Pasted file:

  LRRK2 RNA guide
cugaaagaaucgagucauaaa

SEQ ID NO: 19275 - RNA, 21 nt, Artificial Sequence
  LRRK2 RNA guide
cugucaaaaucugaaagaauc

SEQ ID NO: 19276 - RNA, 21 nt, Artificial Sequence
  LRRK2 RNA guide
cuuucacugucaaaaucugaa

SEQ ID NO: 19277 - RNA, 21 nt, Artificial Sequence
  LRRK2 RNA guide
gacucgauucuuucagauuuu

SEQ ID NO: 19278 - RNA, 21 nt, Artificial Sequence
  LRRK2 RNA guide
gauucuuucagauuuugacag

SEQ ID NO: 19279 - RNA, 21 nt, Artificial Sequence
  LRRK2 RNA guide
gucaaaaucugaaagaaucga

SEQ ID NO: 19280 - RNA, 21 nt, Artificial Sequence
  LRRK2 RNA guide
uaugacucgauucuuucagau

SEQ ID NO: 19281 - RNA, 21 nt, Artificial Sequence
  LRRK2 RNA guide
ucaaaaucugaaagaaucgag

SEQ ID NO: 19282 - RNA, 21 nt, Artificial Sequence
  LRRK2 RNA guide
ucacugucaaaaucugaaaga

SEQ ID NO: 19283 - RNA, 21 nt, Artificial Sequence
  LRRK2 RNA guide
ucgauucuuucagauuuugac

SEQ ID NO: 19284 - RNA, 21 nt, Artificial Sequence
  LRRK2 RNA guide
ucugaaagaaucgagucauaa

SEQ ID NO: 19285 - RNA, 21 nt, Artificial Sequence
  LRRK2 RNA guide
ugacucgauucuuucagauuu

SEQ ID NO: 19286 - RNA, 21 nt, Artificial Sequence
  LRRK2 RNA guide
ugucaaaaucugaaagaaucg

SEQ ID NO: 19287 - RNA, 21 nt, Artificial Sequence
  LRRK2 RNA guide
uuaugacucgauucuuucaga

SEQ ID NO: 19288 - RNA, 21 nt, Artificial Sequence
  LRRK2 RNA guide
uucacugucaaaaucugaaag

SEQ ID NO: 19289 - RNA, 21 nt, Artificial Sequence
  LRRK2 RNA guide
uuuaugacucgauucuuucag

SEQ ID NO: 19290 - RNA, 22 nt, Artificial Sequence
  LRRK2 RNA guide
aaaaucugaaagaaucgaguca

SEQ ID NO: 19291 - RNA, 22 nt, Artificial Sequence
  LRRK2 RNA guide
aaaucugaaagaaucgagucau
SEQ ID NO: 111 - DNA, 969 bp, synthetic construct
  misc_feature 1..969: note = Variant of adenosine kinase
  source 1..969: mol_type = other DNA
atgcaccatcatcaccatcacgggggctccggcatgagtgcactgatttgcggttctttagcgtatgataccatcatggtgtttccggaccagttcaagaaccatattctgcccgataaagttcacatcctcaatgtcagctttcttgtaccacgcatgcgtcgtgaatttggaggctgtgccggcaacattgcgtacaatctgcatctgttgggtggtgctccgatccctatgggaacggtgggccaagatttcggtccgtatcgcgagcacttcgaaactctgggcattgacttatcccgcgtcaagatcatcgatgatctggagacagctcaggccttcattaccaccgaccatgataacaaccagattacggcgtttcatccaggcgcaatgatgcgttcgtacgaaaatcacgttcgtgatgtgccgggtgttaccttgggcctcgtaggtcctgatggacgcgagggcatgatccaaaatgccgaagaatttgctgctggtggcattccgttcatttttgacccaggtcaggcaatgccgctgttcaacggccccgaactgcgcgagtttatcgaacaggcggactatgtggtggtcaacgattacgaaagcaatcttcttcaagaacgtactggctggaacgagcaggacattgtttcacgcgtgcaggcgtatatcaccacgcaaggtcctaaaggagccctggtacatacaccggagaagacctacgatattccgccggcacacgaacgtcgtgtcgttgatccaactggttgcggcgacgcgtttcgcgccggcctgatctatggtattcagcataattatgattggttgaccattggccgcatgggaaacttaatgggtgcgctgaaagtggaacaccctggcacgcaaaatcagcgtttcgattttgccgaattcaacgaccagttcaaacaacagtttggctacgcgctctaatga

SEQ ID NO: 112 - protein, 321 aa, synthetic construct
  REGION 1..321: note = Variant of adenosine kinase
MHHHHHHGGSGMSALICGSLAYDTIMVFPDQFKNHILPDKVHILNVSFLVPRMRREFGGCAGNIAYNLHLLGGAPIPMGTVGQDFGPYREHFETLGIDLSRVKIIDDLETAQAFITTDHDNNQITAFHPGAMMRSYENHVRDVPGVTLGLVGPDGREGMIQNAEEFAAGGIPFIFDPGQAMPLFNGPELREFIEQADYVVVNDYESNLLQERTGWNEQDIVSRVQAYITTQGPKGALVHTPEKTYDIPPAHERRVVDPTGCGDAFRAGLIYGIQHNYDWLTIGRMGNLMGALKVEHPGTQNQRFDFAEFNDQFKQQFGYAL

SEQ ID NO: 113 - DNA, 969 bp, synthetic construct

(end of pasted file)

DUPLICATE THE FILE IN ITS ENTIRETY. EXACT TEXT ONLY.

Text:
  LRRK2 RNA guide
cugaaagaaucgagucauaaa

SEQ ID NO: 19275 - RNA, 21 nt, Artificial Sequence
  LRRK2 RNA guide
cugucaaaaucugaaagaauc

SEQ ID NO: 19276 - RNA, 21 nt, Artificial Sequence
  LRRK2 RNA guide
cuuucacugucaaaaucugaa

SEQ ID NO: 19277 - RNA, 21 nt, Artificial Sequence
  LRRK2 RNA guide
gacucgauucuuucagauuuu

SEQ ID NO: 19278 - RNA, 21 nt, Artificial Sequence
  LRRK2 RNA guide
gauucuuucagauuuugacag

SEQ ID NO: 19279 - RNA, 21 nt, Artificial Sequence
  LRRK2 RNA guide
gucaaaaucugaaagaaucga

SEQ ID NO: 19280 - RNA, 21 nt, Artificial Sequence
  LRRK2 RNA guide
uaugacucgauucuuucagau

SEQ ID NO: 19281 - RNA, 21 nt, Artificial Sequence
  LRRK2 RNA guide
ucaaaaucugaaagaaucgag

SEQ ID NO: 19282 - RNA, 21 nt, Artificial Sequence
  LRRK2 RNA guide
ucacugucaaaaucugaaaga

SEQ ID NO: 19283 - RNA, 21 nt, Artificial Sequence
  LRRK2 RNA guide
ucgauucuuucagauuuugac

SEQ ID NO: 19284 - RNA, 21 nt, Artificial Sequence
  LRRK2 RNA guide
ucugaaagaaucgagucauaa

SEQ ID NO: 19285 - RNA, 21 nt, Artificial Sequence
  LRRK2 RNA guide
ugacucgauucuuucagauuu

SEQ ID NO: 19286 - RNA, 21 nt, Artificial Sequence
  LRRK2 RNA guide
ugucaaaaucugaaagaaucg

SEQ ID NO: 19287 - RNA, 21 nt, Artificial Sequence
  LRRK2 RNA guide
uuaugacucgauucuuucaga

SEQ ID NO: 19288 - RNA, 21 nt, Artificial Sequence
  LRRK2 RNA guide
uucacugucaaaaucugaaag

SEQ ID NO: 19289 - RNA, 21 nt, Artificial Sequence
  LRRK2 RNA guide
uuuaugacucgauucuuucag

SEQ ID NO: 19290 - RNA, 22 nt, Artificial Sequence
  LRRK2 RNA guide
aaaaucugaaagaaucgaguca

SEQ ID NO: 19291 - RNA, 22 nt, Artificial Sequence
  LRRK2 RNA guide
aaaucugaaagaaucgagucau
SEQ ID NO: 111 - DNA, 969 bp, synthetic construct
  misc_feature 1..969: note = Variant of adenosine kinase
  source 1..969: mol_type = other DNA
atgcaccatcatcaccatcacgggggctccggcatgagtgcactgatttgcggttctttagcgtatgataccatcatggtgtttccggaccagttcaagaaccatattctgcccgataaagttcacatcctcaatgtcagctttcttgtaccacgcatgcgtcgtgaatttggaggctgtgccggcaacattgcgtacaatctgcatctgttgggtggtgctccgatccctatgggaacggtgggccaagatttcggtccgtatcgcgagcacttcgaaactctgggcattgacttatcccgcgtcaagatcatcgatgatctggagacagctcaggccttcattaccaccgaccatgataacaaccagattacggcgtttcatccaggcgcaatgatgcgttcgtacgaaaatcacgttcgtgatgtgccgggtgttaccttgggcctcgtaggtcctgatggacgcgagggcatgatccaaaatgccgaagaatttgctgctggtggcattccgttcatttttgacccaggtcaggcaatgccgctgttcaacggccccgaactgcgcgagtttatcgaacaggcggactatgtggtggtcaacgattacgaaagcaatcttcttcaagaacgtactggctggaacgagcaggacattgtttcacgcgtgcaggcgtatatcaccacgcaaggtcctaaaggagccctggtacatacaccggagaagacctacgatattccgccggcacacgaacgtcgtgtcgttgatccaactggttgcggcgacgcgtttcgcgccggcctgatctatggtattcagcataattatgattggttgaccattggccgcatgggaaacttaatgggtgcgctgaaagtggaacaccctggcacgcaaaatcagcgtttcgattttgccgaattcaacgaccagttcaaacaacagtttggctacgcgctctaatga

SEQ ID NO: 112 - protein, 321 aa, synthetic construct
  REGION 1..321: note = Variant of adenosine kinase
MHHHHHHGGSGMSALICGSLAYDTIMVFPDQFKNHILPDKVHILNVSFLVPRMRREFGGCAGNIAYNLHLLGGAPIPMGTVGQDFGPYREHFETLGIDLSRVKIIDDLETAQAFITTDHDNNQITAFHPGAMMRSYENHVRDVPGVTLGLVGPDGREGMIQNAEEFAAGGIPFIFDPGQAMPLFNGPELREFIEQADYVVVNDYESNLLQERTGWNEQDIVSRVQAYITTQGPKGALVHTPEKTYDIPPAHERRVVDPTGCGDAFRAGLIYGIQHNYDWLTIGRMGNLMGALKVEHPGTQNQRFDFAEFNDQFKQQFGYAL

SEQ ID NO: 113 - DNA, 969 bp, synthetic construct